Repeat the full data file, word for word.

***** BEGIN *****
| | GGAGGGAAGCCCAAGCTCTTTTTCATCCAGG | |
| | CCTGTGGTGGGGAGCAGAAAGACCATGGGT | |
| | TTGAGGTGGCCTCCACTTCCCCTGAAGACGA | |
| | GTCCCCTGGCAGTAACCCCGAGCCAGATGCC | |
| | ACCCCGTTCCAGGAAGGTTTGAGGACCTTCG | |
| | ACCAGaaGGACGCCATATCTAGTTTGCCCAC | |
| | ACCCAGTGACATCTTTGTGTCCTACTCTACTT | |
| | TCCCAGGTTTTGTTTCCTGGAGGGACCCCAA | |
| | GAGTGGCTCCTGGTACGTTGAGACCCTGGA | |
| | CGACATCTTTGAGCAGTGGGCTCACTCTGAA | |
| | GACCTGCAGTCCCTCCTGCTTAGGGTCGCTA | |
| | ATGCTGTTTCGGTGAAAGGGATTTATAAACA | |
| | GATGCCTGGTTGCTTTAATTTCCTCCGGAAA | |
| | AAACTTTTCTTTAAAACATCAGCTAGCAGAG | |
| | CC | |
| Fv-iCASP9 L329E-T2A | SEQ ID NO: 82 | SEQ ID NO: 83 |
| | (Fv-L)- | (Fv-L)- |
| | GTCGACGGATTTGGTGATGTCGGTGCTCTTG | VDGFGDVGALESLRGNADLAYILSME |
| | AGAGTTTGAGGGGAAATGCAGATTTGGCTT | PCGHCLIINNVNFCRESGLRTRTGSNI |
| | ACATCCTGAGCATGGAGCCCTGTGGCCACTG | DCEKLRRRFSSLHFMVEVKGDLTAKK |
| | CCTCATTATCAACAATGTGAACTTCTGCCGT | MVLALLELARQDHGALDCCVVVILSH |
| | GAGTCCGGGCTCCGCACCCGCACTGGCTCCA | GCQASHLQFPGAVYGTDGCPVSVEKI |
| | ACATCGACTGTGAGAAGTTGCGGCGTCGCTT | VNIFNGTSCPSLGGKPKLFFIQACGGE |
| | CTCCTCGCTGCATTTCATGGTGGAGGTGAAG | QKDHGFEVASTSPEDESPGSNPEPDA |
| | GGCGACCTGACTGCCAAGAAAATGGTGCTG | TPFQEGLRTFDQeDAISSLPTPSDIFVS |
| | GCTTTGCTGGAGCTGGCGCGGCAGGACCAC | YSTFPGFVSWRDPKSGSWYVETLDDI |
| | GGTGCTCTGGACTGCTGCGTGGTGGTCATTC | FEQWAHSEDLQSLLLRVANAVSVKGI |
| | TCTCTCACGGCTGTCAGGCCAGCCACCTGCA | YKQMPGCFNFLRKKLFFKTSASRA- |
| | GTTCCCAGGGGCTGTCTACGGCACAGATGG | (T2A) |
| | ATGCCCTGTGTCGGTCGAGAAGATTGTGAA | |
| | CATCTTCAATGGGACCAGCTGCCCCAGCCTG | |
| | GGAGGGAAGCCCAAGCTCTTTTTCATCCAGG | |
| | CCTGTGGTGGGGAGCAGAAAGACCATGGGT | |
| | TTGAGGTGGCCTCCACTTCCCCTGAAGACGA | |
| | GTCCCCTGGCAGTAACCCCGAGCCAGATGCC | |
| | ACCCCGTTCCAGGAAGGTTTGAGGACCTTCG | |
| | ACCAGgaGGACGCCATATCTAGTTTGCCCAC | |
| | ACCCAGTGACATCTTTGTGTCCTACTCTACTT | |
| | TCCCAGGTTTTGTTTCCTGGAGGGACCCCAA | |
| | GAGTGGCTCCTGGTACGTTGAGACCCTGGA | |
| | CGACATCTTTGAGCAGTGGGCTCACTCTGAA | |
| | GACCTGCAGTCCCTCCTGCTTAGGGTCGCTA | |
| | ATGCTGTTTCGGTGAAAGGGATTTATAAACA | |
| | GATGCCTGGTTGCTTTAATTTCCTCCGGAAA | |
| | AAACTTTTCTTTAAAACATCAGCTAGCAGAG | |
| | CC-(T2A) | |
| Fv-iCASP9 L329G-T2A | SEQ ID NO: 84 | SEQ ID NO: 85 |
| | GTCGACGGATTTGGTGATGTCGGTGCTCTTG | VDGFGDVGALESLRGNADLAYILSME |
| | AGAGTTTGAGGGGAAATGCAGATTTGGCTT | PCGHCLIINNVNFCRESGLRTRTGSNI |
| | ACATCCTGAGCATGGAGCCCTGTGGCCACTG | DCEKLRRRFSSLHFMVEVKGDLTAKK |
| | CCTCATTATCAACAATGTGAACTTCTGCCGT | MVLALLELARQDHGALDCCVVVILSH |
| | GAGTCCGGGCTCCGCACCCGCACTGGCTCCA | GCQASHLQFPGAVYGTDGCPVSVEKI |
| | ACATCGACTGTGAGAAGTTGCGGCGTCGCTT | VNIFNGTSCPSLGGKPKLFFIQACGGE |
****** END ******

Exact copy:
| | GGAGGGAAGCCCAAGCTCTTTTTCATCCAGG | |
| | CCTGTGGTGGGGAGCAGAAAGACCATGGGT | |
| | TTGAGGTGGCCTCCACTTCCCCTGAAGACGA | |
| | GTCCCCTGGCAGTAACCCCGAGCCAGATGCC | |
| | ACCCCGTTCCAGGAAGGTTTGAGGACCTTCG | |
| | ACCAGaaGGACGCCATATCTAGTTTGCCCAC | |
| | ACCCAGTGACATCTTTGTGTCCTACTCTACTT | |
| | TCCCAGGTTTTGTTTCCTGGAGGGACCCCAA | |
| | GAGTGGCTCCTGGTACGTTGAGACCCTGGA | |
| | CGACATCTTTGAGCAGTGGGCTCACTCTGAA | |
| | GACCTGCAGTCCCTCCTGCTTAGGGTCGCTA | |
| | ATGCTGTTTCGGTGAAAGGGATTTATAAACA | |
| | GATGCCTGGTTGCTTTAATTTCCTCCGGAAA | |
| | AAACTTTTCTTTAAAACATCAGCTAGCAGAG | |
| | CC | |
| Fv-iCASP9 L329E-T2A | SEQ ID NO: 82 | SEQ ID NO: 83 |
| | (Fv-L)- | (Fv-L)- |
| | GTCGACGGATTTGGTGATGTCGGTGCTCTTG | VDGFGDVGALESLRGNADLAYILSME |
| | AGAGTTTGAGGGGAAATGCAGATTTGGCTT | PCGHCLIINNVNFCRESGLRTRTGSNI |
| | ACATCCTGAGCATGGAGCCCTGTGGCCACTG | DCEKLRRRFSSLHFMVEVKGDLTAKK |
| | CCTCATTATCAACAATGTGAACTTCTGCCGT | MVLALLELARQDHGALDCCVVVILSH |
| | GAGTCCGGGCTCCGCACCCGCACTGGCTCCA | GCQASHLQFPGAVYGTDGCPVSVEKI |
| | ACATCGACTGTGAGAAGTTGCGGCGTCGCTT | VNIFNGTSCPSLGGKPKLFFIQACGGE |
| | CTCCTCGCTGCATTTCATGGTGGAGGTGAAG | QKDHGFEVASTSPEDESPGSNPEPDA |
| | GGCGACCTGACTGCCAAGAAAATGGTGCTG | TPFQEGLRTFDQeDAISSLPTPSDIFVS |
| | GCTTTGCTGGAGCTGGCGCGGCAGGACCAC | YSTFPGFVSWRDPKSGSWYVETLDDI |
| | GGTGCTCTGGACTGCTGCGTGGTGGTCATTC | FEQWAHSEDLQSLLLRVANAVSVKGI |
| | TCTCTCACGGCTGTCAGGCCAGCCACCTGCA | YKQMPGCFNFLRKKLFFKTSASRA- |
| | GTTCCCAGGGGCTGTCTACGGCACAGATGG | (T2A) |
| | ATGCCCTGTGTCGGTCGAGAAGATTGTGAA | |
| | CATCTTCAATGGGACCAGCTGCCCCAGCCTG | |
| | GGAGGGAAGCCCAAGCTCTTTTTCATCCAGG | |
| | CCTGTGGTGGGGAGCAGAAAGACCATGGGT | |
| | TTGAGGTGGCCTCCACTTCCCCTGAAGACGA | |
| | GTCCCCTGGCAGTAACCCCGAGCCAGATGCC | |
| | ACCCCGTTCCAGGAAGGTTTGAGGACCTTCG | |
| | ACCAGgaGGACGCCATATCTAGTTTGCCCAC | |
| | ACCCAGTGACATCTTTGTGTCCTACTCTACTT | |
| | TCCCAGGTTTTGTTTCCTGGAGGGACCCCAA | |
| | GAGTGGCTCCTGGTACGTTGAGACCCTGGA | |
| | CGACATCTTTGAGCAGTGGGCTCACTCTGAA | |
| | GACCTGCAGTCCCTCCTGCTTAGGGTCGCTA | |
| | ATGCTGTTTCGGTGAAAGGGATTTATAAACA | |
| | GATGCCTGGTTGCTTTAATTTCCTCCGGAAA | |
| | AAACTTTTCTTTAAAACATCAGCTAGCAGAG | |
| | CC-(T2A) | |
| Fv-iCASP9 L329G-T2A | SEQ ID NO: 84 | SEQ ID NO: 85 |
| | GTCGACGGATTTGGTGATGTCGGTGCTCTTG | VDGFGDVGALESLRGNADLAYILSME |
| | AGAGTTTGAGGGGAAATGCAGATTTGGCTT | PCGHCLIINNVNFCRESGLRTRTGSNI |
| | ACATCCTGAGCATGGAGCCCTGTGGCCACTG | DCEKLRRRFSSLHFMVEVKGDLTAKK |
| | CCTCATTATCAACAATGTGAACTTCTGCCGT | MVLALLELARQDHGALDCCVVVILSH |
| | GAGTCCGGGCTCCGCACCCGCACTGGCTCCA | GCQASHLQFPGAVYGTDGCPVSVEKI |
| | ACATCGACTGTGAGAAGTTGCGGCGTCGCTT | VNIFNGTSCPSLGGKPKLFFIQACGGE |